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start, you know, with the next round of games. >> right. well, something unprecedented happened on thursday night in baltimore, deb. fans actually gave a standing ovation to nfl officials. that's how bad this has gotten. monday night, of course, the botched call, changed the outcome of the seahawks-packers game in favor of seattle. that kind of led to a public outcry. this cannot stand. 17 hours of negotiations between the nfl and the officials on tuesday. finally late wednesday night, they had an agreement in principle. now finally the agreement has been formalized. the referees are back on the field and sunday's games will be fully staffed by the proper officials. >> you know, what's interesting is that one of sticking points is that nfl owners wanted the referees to become full-time nfl employees. a lot of these refs hold other jobs. and that was one of the reasons that the owners were so unwilling to compromise.
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why? i mean, these are very dedicated, professional referees. why should that technically be an issue? >> this is one of the things that gave the referees a really strong position in the bargaining. take the most famous referee, ed hochuli. he works 50 hours as an attorney and another 50 as an nfl refee. that meant that he wasn't relying on the nfl's paycheck, so he could wait it out until the referees got a fair deal. they did get a deal. i think it's unfair to say that most of the refs do not give their full attention to their jobs. they're the best in the world. they do. in the future, i think that they will probably all be full-time as the nfl wants. but right now, this is one of the reasons that the referees were able to stick it out as long as they did and really score a rare victory against the most powerful sports league in the entire world. >> it's so fascinating, we see football player salaries. you're talking about a 16-game season, and you're talking about a salary that's going to go from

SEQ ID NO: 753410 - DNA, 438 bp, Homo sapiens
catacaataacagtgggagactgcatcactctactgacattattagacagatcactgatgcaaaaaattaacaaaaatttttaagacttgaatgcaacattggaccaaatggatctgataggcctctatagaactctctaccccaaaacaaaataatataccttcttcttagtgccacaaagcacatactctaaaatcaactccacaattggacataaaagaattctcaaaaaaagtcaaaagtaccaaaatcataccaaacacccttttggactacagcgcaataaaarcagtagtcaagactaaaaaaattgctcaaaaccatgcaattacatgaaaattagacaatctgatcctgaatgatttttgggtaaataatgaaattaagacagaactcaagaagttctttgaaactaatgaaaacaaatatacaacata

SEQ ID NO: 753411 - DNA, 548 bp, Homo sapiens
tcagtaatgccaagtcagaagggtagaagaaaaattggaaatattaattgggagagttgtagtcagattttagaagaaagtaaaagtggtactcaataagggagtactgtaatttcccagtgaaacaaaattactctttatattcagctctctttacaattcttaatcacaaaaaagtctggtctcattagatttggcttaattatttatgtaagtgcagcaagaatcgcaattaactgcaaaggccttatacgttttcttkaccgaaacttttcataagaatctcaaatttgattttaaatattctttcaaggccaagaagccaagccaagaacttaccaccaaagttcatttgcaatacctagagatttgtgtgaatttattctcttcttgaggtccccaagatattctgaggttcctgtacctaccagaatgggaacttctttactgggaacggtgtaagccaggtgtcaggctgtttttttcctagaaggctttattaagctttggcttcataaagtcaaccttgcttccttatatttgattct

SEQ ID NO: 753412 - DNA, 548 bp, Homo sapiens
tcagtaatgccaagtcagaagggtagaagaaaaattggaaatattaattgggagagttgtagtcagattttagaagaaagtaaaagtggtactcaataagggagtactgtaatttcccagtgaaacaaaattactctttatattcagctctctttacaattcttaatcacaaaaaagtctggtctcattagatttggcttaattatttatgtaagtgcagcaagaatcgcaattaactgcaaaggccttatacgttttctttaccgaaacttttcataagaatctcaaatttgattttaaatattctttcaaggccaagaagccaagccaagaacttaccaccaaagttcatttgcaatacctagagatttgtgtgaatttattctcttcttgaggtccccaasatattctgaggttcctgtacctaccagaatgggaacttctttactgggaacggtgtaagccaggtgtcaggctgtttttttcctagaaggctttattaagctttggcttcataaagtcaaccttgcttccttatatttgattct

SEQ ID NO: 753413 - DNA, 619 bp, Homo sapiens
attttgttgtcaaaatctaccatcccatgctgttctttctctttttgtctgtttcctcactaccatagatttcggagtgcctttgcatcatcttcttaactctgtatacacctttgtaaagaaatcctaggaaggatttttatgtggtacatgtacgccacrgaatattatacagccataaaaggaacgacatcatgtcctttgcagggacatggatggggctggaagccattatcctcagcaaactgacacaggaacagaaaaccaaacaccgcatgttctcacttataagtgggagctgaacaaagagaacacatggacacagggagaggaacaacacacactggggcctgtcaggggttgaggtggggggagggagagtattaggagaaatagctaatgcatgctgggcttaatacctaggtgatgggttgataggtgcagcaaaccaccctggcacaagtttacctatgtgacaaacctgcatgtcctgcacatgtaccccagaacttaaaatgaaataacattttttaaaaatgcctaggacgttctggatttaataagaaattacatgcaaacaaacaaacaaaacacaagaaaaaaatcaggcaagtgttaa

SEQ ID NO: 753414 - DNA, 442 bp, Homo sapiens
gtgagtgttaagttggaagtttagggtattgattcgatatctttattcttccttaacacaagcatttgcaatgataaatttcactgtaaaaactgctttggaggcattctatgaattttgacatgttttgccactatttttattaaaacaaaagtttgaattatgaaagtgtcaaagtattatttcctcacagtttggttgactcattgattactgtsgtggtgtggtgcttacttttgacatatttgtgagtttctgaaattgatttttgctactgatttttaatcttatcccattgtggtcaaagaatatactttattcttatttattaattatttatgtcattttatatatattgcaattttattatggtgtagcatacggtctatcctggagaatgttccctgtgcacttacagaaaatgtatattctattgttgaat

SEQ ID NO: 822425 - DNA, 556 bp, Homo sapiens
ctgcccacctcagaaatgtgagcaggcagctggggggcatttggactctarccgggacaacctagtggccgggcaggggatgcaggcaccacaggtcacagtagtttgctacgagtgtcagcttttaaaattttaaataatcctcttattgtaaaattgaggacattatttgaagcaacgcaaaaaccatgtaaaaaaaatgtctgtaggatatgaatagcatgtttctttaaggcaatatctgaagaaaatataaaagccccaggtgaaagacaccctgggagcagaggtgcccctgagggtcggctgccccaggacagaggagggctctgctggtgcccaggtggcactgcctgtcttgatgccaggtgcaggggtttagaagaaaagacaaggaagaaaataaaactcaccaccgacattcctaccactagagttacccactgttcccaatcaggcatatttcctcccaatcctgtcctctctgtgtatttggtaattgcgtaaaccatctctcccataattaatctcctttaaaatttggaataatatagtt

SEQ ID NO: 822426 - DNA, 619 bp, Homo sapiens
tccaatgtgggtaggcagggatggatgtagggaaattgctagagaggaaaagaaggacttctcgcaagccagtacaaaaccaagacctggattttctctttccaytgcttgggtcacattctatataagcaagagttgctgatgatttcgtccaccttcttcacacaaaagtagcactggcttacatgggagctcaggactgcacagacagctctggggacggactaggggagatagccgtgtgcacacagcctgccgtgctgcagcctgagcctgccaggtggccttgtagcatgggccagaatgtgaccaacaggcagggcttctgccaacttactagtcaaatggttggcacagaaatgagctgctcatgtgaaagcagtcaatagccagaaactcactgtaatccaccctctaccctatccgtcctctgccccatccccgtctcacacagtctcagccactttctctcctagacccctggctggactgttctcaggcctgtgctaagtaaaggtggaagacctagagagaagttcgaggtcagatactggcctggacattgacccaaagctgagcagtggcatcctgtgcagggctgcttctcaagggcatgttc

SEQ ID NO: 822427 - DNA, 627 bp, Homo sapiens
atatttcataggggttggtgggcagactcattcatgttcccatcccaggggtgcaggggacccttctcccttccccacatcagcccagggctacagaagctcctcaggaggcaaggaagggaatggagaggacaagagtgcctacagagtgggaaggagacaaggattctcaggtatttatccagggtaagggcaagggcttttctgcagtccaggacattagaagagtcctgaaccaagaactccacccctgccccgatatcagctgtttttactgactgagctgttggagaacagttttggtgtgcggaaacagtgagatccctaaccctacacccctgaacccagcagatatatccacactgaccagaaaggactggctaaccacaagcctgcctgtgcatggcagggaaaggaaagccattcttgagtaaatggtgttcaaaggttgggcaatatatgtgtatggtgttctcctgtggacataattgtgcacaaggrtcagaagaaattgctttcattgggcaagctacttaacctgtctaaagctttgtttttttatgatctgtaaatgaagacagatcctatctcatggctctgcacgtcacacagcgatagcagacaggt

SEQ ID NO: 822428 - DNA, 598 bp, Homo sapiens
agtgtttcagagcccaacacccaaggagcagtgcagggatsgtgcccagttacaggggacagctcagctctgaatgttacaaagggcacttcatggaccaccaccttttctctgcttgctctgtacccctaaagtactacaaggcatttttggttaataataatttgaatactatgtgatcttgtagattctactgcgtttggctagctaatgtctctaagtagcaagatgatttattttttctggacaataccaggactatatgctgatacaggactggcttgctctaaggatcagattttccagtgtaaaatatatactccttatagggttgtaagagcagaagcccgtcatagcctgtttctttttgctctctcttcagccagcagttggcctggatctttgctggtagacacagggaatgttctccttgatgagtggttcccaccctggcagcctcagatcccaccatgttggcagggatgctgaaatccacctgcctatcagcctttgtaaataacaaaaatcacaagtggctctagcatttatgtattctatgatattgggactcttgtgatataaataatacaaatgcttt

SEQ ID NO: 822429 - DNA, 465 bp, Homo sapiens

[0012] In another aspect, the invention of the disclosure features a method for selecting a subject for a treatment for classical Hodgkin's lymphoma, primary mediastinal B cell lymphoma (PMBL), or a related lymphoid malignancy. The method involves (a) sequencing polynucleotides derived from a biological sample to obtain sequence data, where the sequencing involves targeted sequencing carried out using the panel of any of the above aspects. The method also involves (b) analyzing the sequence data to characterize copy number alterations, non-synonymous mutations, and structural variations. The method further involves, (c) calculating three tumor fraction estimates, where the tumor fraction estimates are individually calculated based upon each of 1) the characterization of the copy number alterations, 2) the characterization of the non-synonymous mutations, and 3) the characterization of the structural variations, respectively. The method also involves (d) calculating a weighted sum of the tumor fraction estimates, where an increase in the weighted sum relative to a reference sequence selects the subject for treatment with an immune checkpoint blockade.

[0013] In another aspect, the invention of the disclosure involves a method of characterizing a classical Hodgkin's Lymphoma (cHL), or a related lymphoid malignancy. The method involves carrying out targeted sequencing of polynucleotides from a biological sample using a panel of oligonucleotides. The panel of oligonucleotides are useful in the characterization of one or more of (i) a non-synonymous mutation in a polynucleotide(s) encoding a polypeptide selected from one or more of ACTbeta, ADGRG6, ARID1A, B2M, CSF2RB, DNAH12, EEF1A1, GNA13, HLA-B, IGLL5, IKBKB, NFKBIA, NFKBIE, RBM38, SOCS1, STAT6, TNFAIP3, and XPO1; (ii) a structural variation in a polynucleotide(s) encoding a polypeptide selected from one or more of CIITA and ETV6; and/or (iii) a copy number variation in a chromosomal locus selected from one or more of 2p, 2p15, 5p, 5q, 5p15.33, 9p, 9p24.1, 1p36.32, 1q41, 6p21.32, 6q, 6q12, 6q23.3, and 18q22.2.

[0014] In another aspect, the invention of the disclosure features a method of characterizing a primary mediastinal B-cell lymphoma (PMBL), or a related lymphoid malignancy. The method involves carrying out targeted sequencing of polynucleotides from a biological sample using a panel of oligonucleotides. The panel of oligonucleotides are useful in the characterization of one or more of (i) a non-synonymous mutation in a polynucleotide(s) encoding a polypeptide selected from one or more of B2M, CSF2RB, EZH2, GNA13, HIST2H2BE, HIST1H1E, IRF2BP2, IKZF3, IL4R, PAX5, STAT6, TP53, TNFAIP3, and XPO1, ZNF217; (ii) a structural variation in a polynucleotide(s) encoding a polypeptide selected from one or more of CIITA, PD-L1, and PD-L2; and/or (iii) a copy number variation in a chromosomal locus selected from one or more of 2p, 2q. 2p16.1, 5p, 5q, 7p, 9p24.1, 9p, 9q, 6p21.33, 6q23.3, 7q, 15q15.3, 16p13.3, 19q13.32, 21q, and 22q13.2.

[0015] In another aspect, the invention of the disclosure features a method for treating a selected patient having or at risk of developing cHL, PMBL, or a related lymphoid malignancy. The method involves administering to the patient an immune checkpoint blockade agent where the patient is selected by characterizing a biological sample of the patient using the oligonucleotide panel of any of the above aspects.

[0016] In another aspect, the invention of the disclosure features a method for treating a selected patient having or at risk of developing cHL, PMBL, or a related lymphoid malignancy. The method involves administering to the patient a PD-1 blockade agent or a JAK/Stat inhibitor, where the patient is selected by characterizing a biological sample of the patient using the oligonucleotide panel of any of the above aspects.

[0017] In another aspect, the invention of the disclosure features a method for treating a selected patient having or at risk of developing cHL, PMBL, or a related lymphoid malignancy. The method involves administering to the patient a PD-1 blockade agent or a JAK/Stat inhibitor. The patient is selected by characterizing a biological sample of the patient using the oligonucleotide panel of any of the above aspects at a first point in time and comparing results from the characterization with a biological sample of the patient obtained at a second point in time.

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about $149,000 up to $173,000 next year, and then i think it goes above 200,000 in $2019. you're basically talk about 16,000 a game. it sounds like a lot of money, but it doesn't sound like a lot for the nfl. it's a $10 billion business. >> they fought tooth and nail about giving any concessions to the referees. this is an eight-year deal and these referees will be making an average of $204,000 in 2019. so we can say that the referees did win. they did stick it out. but bottom line, this really is a drop in the bucket for the nfl. this isn't going to be impacting the owners that much. >> yeah, which is really remarkable, especially since you look at this season and some people may think that some of the games deserve to have an asterisk by them is. this a black eye on nfl
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commissioner roger goodell, or do you not think it was his fault? >> well, let's remember a few things. one is that roger goodell is serving at the pleasure of the nfl's 32 owners. people kind of view a sports commissioner as these all-powerful king solomon type figures. they're not. goodell is an employee of the owners, just like the players are really. so he was kind of -- you know, the hatchet man here. he took a lot of the arrows. but at the end of the day, he was really doing the owners' bidding here. >> all right, well, we'll see where it goes. ben ryder with "sports illustrated." always good to talk to you. thanks so much. samuel l. jackson is appearing in a new political ad and you could call it a mix between his foul-mouthed pulp fiction character and a children's bedtime story. huh? okay. we'll explain. while balancing the company's bottom line, their very first word was... [ to the tune of "lullaby and good night" ] ♪ af-lac ♪ aflac [ male announcer ] find out more at... [ duck ] aflac! [ male announcer ] ...forbusiness.com. [ yawning sound ]